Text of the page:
Bureaucracy

Definition of 'Bureaucracy'


An administrative or social system that relies on a set of rules and procedures, separation of functions and a hierarchical structure in implementing controls over an organization, government or social system. Large administrative staffs are most common in large organizations that need standardized rules and procedures or consistency across a wide range of business activities.

Investopedia explains 'Bureaucracy'


Although some form of bureaucracy is necessary for large, efficiently run organizations, there is much debate over whether the theory is ever manifested in practice. The term is often used in a pejorative way, since many bureaucracies become too large to be efficient, and become dysfunctional as a result. Some form of bureaucracy is necessary, however, in firms that are subject to heavy regulatory scrutiny, since a loss of policy or oversight control could have dire consequences.

It is a widely held belief that small companies can be more efficient because they do not need large bureaucracies and therefore can adapt and innovate very quickly. Large bureaucracies are also associated with more mature companies in mature industries nearing the end of their life cycles.


Filed Under:

comments powered by Disqus
Hot Definitions
  1. Gross Debt Service Ratio - GDS

    A debt service measure that financial lenders use as a rule of thumb to give a preliminary assessment about whether a potential borrower is already in too much debt. Receiving a ratio of less than 30% means that the potential borrower has an acceptable level of debt.
  2. Federal Reserve Note

    The most accurate term used to describe the paper currency (dollar bills) circulated in the United States. These Federal Reserve Notes are printed by the U.S. Treasury at the instruction of the Federal Reserve member banks, who also act as the clearinghouse for local banks that need to increase or reduce their supply of cash on hand.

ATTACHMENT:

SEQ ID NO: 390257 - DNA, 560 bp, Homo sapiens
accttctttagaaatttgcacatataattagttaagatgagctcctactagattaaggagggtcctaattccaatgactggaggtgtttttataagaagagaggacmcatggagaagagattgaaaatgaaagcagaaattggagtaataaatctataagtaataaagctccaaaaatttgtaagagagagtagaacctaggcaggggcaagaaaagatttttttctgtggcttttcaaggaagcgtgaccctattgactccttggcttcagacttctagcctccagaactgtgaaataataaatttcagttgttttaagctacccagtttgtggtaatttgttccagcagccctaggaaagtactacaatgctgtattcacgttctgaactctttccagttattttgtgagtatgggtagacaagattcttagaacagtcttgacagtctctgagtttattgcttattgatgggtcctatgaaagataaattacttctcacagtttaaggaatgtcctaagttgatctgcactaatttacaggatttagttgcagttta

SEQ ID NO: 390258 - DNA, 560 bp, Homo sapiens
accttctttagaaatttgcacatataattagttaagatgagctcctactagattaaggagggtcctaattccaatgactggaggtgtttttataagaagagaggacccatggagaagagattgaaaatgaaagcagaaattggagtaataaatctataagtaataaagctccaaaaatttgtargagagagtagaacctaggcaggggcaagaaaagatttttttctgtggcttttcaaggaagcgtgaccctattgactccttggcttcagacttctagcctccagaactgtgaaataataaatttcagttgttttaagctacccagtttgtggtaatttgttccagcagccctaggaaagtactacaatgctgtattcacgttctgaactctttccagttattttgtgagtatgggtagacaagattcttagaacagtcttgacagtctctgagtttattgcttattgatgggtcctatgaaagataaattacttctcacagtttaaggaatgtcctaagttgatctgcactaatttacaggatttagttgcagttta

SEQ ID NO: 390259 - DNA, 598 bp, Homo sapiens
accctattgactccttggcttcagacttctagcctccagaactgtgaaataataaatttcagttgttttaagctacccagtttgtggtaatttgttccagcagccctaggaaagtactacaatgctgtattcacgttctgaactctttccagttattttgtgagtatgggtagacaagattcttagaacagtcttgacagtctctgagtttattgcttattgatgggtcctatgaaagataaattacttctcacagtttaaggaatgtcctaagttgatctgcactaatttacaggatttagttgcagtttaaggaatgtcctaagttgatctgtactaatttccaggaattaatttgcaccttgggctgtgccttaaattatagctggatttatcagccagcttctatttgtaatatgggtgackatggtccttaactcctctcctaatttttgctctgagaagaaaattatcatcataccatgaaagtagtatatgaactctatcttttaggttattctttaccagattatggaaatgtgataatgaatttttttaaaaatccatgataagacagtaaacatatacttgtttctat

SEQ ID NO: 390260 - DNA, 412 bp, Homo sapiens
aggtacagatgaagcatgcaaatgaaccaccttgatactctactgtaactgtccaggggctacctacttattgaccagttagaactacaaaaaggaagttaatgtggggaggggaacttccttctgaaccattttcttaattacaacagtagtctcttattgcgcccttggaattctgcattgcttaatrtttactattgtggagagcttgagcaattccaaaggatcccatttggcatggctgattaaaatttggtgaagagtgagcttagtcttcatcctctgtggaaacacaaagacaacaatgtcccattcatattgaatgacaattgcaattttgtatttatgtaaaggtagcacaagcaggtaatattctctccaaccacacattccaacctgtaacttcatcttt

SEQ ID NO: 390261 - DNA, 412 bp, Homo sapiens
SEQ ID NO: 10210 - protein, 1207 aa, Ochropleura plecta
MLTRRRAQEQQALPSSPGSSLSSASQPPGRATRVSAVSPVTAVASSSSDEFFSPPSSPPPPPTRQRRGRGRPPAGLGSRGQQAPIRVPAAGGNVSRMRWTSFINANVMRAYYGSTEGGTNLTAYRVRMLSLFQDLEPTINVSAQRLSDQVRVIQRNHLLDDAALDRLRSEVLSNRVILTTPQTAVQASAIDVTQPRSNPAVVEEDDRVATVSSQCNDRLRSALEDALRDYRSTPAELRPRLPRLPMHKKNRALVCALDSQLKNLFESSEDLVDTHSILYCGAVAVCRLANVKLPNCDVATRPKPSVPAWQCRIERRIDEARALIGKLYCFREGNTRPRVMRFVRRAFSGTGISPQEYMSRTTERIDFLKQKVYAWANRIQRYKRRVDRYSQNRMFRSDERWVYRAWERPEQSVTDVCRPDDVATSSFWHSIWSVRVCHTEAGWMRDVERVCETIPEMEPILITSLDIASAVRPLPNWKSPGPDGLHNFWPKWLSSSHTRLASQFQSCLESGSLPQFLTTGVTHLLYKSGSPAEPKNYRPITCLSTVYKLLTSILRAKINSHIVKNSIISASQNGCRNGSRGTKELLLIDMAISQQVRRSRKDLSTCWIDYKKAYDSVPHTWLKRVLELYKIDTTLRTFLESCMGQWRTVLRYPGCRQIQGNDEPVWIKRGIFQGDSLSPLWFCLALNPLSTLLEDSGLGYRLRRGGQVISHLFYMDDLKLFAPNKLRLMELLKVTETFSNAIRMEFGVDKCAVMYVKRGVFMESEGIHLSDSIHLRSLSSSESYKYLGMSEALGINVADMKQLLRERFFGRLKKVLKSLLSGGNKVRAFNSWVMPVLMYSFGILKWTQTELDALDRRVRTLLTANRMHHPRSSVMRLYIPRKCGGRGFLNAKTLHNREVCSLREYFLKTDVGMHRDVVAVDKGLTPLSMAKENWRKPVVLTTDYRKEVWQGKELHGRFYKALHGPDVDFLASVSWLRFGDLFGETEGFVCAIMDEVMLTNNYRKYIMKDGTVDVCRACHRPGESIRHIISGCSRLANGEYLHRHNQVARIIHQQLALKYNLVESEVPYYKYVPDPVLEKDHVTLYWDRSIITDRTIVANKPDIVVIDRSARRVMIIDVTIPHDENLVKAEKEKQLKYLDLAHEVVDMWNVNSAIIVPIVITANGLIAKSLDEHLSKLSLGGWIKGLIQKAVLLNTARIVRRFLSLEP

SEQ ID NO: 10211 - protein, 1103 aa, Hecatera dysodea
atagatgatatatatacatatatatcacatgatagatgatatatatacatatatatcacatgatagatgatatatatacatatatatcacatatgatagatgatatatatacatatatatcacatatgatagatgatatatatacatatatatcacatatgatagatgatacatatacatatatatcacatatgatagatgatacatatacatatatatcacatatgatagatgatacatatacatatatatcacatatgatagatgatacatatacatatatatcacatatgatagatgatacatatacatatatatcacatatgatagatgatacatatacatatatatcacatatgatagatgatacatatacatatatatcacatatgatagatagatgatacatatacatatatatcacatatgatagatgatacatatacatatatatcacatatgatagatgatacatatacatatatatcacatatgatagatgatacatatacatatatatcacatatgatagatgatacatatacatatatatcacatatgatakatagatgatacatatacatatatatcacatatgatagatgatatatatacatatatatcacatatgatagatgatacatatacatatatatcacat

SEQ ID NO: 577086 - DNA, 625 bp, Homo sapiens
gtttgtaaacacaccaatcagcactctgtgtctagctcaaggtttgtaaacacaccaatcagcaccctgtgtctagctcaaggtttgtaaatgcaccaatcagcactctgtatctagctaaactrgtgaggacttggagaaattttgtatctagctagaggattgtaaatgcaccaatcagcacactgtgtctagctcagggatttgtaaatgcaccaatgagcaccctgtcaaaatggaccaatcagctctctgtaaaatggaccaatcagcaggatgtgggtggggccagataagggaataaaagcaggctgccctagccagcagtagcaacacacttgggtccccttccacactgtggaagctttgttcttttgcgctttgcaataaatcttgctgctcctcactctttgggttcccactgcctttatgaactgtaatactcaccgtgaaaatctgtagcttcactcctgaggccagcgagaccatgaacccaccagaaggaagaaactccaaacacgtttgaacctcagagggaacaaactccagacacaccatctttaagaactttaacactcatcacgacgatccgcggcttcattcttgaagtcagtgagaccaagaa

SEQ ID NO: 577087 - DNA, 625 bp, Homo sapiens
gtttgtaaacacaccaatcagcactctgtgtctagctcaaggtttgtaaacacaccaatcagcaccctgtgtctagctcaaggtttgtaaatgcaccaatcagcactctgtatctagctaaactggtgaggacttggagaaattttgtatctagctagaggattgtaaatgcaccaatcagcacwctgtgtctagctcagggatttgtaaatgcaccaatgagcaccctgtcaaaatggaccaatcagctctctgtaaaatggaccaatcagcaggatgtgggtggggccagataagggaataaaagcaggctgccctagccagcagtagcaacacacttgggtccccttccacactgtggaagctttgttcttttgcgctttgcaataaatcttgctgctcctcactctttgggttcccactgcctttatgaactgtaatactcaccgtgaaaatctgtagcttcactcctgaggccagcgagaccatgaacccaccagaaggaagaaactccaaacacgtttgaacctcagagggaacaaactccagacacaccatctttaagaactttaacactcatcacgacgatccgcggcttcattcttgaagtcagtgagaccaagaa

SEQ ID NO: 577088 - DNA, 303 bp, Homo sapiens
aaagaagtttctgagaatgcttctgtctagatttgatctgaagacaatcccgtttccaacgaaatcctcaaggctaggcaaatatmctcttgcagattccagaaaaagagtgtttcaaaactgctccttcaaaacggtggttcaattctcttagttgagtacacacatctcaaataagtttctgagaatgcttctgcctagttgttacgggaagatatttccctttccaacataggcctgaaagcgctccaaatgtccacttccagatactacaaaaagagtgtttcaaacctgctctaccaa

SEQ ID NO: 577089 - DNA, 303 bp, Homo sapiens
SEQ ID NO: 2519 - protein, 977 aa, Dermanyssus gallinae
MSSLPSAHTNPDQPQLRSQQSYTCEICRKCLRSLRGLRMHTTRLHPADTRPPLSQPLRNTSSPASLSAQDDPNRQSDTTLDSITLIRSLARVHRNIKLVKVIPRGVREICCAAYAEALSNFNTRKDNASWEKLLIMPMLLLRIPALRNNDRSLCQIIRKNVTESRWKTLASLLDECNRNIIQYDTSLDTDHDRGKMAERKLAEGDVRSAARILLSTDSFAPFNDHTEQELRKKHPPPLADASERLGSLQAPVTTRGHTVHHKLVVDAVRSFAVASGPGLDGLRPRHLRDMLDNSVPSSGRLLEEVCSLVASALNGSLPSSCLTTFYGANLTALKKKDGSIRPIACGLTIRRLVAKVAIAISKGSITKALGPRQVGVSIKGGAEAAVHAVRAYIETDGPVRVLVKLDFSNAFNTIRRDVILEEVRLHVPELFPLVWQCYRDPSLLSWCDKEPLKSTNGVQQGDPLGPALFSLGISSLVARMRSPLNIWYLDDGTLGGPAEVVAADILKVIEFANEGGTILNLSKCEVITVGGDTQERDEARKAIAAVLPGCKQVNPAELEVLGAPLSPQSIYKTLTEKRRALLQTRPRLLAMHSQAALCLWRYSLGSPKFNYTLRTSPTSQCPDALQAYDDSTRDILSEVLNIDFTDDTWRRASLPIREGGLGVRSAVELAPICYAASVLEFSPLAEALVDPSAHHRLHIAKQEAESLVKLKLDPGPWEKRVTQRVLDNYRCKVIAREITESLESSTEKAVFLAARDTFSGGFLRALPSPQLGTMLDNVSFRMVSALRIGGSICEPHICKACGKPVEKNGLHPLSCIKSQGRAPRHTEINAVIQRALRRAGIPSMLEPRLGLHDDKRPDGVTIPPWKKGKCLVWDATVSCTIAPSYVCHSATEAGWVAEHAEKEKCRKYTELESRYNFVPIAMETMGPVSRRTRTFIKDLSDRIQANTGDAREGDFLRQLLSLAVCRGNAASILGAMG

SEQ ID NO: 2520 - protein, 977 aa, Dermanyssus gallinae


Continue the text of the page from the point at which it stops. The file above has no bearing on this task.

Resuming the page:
3. Benchmark Bond

    A bond that provides a standard against which the performance of other bonds can be measured. Government bonds are almost always used as benchmark bonds. Also referred to as "benchmark issue" or "bellwether issue".
  4. Market Capitalization

    The total dollar market value of all of a company's outstanding shares. Market capitalization is calculated by multiplying a company's shares outstanding by the current market price of one share. The investment community uses this figure to determine a company's size, as opposed to sales or total asset figures.
  5. Oil Reserves

    An estimate of the amount of crude oil located in a particular economic region. Oil reserves must have the potential of being extracted under current technological constraints. For example, if oil pools are located at unattainable depths, they would not be considered part of the nation's reserves.
  6. Joint Venture - JV

    A business arrangement in which two or more parties agree to pool their resources for the purpose of accomplishing a specific task. This task can be a new project or any other business activity. In a joint venture (JV), each of the participants is responsible for profits, losses and costs associated with it.
Trading Center